Deep Into Technology at Compunetics

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Goldman: But you had customers requesting it?

Schmitt: We had a few customers requesting it at that time. One was a medical customer and this was many years ago. It was an X-ray multi-chip module that had a 35-micron space and trace, that's a 3-mil pitch, and it allowed that X-ray detector to do very high-resolution real-time X-rays. That also included wire-bondable gold ball bonding, etc. That was one of the first big projects we had. One of the second projects we had was for a large government agency, and it was for chip carriers that at the time had 2-mil lines and spaces, and they had microvias. We also installed a nickel heat sink on the board. We made many thousands of these for that customer.

In addition to that, in our early fine line days we did a lot of chip packages with cavities. They had multiple shelves on them. They were all 2-mil lines and spaces, all wire-bondable gold. Another technology that we used at the time was buried resistors. For a supercomputer company on the West Coast, we did BGA cavity boards with buried resistors, and in some cases they were laser-trimmed buried resistors. We also have the capability of doing buried capacitance, which is in use at one of our other divisions.

Some of the other technologies we have are for satellite flight-certified boards. These multilayer flex boards use non-copper conducters. This material is made at our facility. We also have the capability of making heater boards on flex using Inconel conductors and coated with PTFE. This is a standard heater board that is used in the medical industry and in some DOD applications. Also, a NASA X-ray detector on multilayer LCP with 2-mil line/space and ball wire bonding. This was the Rogers product of the year at the International Microwave Symposium seven or eight years ago.

It has been an exciting journey but what’s more important than all this history is the future…what are we working on now and what do we have our eyes set on?

You mentioned padless vias. With the electrophoretic photoresist there is padless via capability. We have interest from a couple of large radar antenna companies and some packaging companies that are interested in padless vias. That's a new technology that we've had, but no one's been interested in it until now, so that may be a technology that will be pertinent and we'll be focusing on in the near future.

Lately we've been doing a lot of work with a new technology called Ormet, which is a process that allows you to bond together sections of printed circuit boards using sintered copper, much like they used to do back in the days of the ‘60s and ‘70s with the first large computers. They're doing that again for antennas, chip testing interposers, etc., with Ormet technology.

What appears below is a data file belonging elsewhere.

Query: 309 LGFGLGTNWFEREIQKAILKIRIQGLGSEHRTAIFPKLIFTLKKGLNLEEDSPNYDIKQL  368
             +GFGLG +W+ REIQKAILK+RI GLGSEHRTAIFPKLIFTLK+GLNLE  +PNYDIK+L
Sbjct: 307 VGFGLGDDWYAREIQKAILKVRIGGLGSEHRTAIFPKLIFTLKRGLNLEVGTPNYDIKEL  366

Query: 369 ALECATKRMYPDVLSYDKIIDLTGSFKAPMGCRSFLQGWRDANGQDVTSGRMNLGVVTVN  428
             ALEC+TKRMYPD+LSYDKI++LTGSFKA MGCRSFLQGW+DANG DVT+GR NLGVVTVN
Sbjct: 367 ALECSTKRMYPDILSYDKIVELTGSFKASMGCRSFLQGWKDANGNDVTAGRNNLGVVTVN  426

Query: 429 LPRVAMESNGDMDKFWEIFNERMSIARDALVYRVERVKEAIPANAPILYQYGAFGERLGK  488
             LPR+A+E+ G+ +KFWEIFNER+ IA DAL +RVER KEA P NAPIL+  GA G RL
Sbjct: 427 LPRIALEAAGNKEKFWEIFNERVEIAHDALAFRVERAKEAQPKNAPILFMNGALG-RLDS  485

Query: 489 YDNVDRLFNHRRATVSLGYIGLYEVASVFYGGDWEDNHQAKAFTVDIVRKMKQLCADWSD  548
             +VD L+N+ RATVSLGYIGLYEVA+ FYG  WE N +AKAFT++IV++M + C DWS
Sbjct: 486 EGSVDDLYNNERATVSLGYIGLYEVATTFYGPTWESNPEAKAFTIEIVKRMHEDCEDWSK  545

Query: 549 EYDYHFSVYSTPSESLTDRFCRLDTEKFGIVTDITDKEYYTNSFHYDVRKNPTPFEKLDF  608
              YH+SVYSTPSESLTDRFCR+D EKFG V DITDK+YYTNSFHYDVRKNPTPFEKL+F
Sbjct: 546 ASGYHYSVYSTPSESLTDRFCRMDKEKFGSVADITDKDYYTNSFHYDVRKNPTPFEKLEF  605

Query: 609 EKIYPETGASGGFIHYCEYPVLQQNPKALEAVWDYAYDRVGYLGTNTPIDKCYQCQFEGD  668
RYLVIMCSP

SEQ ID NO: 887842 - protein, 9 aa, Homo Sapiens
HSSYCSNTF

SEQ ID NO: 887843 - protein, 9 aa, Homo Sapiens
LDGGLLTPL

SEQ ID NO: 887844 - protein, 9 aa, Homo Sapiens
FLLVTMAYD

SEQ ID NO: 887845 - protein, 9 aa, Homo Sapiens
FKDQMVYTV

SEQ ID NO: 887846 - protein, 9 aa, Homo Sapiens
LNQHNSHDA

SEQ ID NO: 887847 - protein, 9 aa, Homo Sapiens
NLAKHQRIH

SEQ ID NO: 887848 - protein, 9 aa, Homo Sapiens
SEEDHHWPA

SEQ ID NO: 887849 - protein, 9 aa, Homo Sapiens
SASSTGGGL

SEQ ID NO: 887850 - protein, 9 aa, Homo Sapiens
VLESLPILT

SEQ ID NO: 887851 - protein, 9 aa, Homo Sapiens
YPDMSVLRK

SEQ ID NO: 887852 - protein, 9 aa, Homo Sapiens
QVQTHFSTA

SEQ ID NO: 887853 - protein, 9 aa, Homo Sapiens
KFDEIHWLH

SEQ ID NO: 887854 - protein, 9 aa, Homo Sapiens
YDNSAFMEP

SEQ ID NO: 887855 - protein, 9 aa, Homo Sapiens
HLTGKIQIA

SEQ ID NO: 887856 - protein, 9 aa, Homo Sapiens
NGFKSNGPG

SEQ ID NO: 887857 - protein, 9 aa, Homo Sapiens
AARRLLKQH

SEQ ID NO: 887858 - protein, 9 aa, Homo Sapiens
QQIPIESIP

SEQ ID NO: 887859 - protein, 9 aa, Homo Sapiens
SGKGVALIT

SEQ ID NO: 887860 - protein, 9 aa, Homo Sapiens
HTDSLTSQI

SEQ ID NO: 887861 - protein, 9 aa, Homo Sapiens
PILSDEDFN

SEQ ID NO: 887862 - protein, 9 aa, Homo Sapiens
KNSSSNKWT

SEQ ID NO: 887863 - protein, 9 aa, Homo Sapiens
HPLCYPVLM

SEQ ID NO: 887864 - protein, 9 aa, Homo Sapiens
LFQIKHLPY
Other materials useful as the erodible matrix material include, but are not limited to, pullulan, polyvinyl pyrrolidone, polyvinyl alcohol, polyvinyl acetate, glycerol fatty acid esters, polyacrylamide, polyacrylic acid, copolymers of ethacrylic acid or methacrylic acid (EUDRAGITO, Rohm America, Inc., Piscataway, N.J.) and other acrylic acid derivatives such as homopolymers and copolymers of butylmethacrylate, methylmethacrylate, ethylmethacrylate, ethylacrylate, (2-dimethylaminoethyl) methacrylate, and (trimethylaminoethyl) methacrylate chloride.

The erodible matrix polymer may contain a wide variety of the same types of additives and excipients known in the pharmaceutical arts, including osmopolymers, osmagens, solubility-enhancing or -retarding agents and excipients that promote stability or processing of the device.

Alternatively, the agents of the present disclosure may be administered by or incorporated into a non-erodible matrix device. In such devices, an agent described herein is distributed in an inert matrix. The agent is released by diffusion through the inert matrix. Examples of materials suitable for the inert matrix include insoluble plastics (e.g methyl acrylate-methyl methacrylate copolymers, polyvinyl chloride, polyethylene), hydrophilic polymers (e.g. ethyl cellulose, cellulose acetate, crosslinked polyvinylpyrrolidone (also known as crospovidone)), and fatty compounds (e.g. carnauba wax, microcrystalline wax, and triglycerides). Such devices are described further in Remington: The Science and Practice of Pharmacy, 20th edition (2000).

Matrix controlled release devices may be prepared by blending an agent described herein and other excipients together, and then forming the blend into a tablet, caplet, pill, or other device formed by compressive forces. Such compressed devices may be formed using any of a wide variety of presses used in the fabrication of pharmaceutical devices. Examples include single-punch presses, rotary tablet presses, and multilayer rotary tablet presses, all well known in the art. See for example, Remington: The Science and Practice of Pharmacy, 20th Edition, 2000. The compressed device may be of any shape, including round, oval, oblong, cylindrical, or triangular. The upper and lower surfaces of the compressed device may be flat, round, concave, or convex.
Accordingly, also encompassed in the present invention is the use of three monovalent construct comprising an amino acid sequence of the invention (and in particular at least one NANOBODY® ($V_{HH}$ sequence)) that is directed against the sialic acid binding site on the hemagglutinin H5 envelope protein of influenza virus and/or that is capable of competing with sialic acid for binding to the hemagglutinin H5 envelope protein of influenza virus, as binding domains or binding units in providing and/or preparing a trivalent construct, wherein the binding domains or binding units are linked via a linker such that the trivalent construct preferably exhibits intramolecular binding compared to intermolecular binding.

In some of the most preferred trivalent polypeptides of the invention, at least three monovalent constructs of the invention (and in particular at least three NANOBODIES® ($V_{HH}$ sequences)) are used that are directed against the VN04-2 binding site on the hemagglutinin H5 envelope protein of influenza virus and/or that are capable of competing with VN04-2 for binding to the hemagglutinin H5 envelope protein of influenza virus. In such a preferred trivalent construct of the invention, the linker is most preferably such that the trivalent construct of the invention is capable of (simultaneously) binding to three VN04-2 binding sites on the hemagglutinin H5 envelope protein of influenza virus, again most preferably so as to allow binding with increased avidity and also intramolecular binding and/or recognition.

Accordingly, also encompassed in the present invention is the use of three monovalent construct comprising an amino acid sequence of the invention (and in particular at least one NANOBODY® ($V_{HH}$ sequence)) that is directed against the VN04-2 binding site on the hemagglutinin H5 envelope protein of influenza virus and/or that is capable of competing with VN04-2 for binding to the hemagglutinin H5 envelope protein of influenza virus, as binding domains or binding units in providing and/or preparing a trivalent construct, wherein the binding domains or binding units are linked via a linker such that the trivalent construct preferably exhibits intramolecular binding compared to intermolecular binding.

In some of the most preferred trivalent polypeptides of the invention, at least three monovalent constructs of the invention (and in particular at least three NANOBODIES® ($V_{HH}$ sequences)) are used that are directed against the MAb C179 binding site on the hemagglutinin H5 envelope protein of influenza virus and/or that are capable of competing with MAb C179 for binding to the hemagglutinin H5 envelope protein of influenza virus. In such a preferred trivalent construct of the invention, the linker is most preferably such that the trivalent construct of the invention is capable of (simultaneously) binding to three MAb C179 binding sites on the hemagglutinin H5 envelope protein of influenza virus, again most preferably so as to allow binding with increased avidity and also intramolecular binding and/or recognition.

We've had our laser drills here for quite a while doing microvias. We do stacked microvias, and we have special chemistry for them in our special reverse pulse plating line. With that and the fine lines, we're able to do flip chip packaging right now down to 200-micron pitch, so we've done quite a few of those for some West Coast customers. Of course, we do lots of flex and rigid-flex. Now we do a few technologies that I'm going to let Jesse talk about, that he's developed for a defense customer. One technology, and there's a lot of interest in this, is used for some of the superconducting chip carriers, interposers, etc., and for quantum computing. I'll let Jesse talk about some of the bumping technologies and three-dimensional boards. 

Jesse_Ward.JPGJesse Ward: The bump and bonding technology involves copper-plated pillars. They can be down to about 6 mils in diameter, possibly smaller and of variable height, but typically around 2−3 mils in height. What this allows is for an extremely dense mating footprint for essentially testing chips at high speed, usually cryogenic application superconducting. I guess you could think of it as a flip chip alternative. It's occupying a space like a flip chip would but it's not using solder. It's simply pressure contact, so it's reusable. They're getting a lot of uses out of one board, so they can test different chips, the same model, over and over and get a lot of data out of one board before having to discard it and use a new one. The customer really likes the economy they're getting from this. 

We've expanded that to an even more economical solution. At the bump bonding site, you're pressure contacting those bumps so they're reusable, but on the other end of the board you have soldered pins. They've eliminated the soldering of the pins using a castellation. So our customer is using a spring-loaded socket to attach the socket to the PCB. Again, this is non-solderable and it's reusable, so you can kind of think of this board as a 3D board where on the edges of the board are the castellation sites for the spring-loaded socket connector. This can be of any dimension in X and Y. Then it can transpose or connect to blind vias that fan in or out to the chip.

You can essentially think of it as a 3D structure that can have custom dimensions for the chip and custom dimensions for the socket, while having extra areas for mounting the piece. I guess this 3D design was somewhat of a collaboration between Compunetics and another customer, but it was our intellectual property or idea that led to the actual form of the non-standard castellation. It's not a plated through-hole wall—it's different, but we're probably not ready to say what that is yet. The bump bonding is very popular. There are several customers that like it and it seems like it's on the rise.


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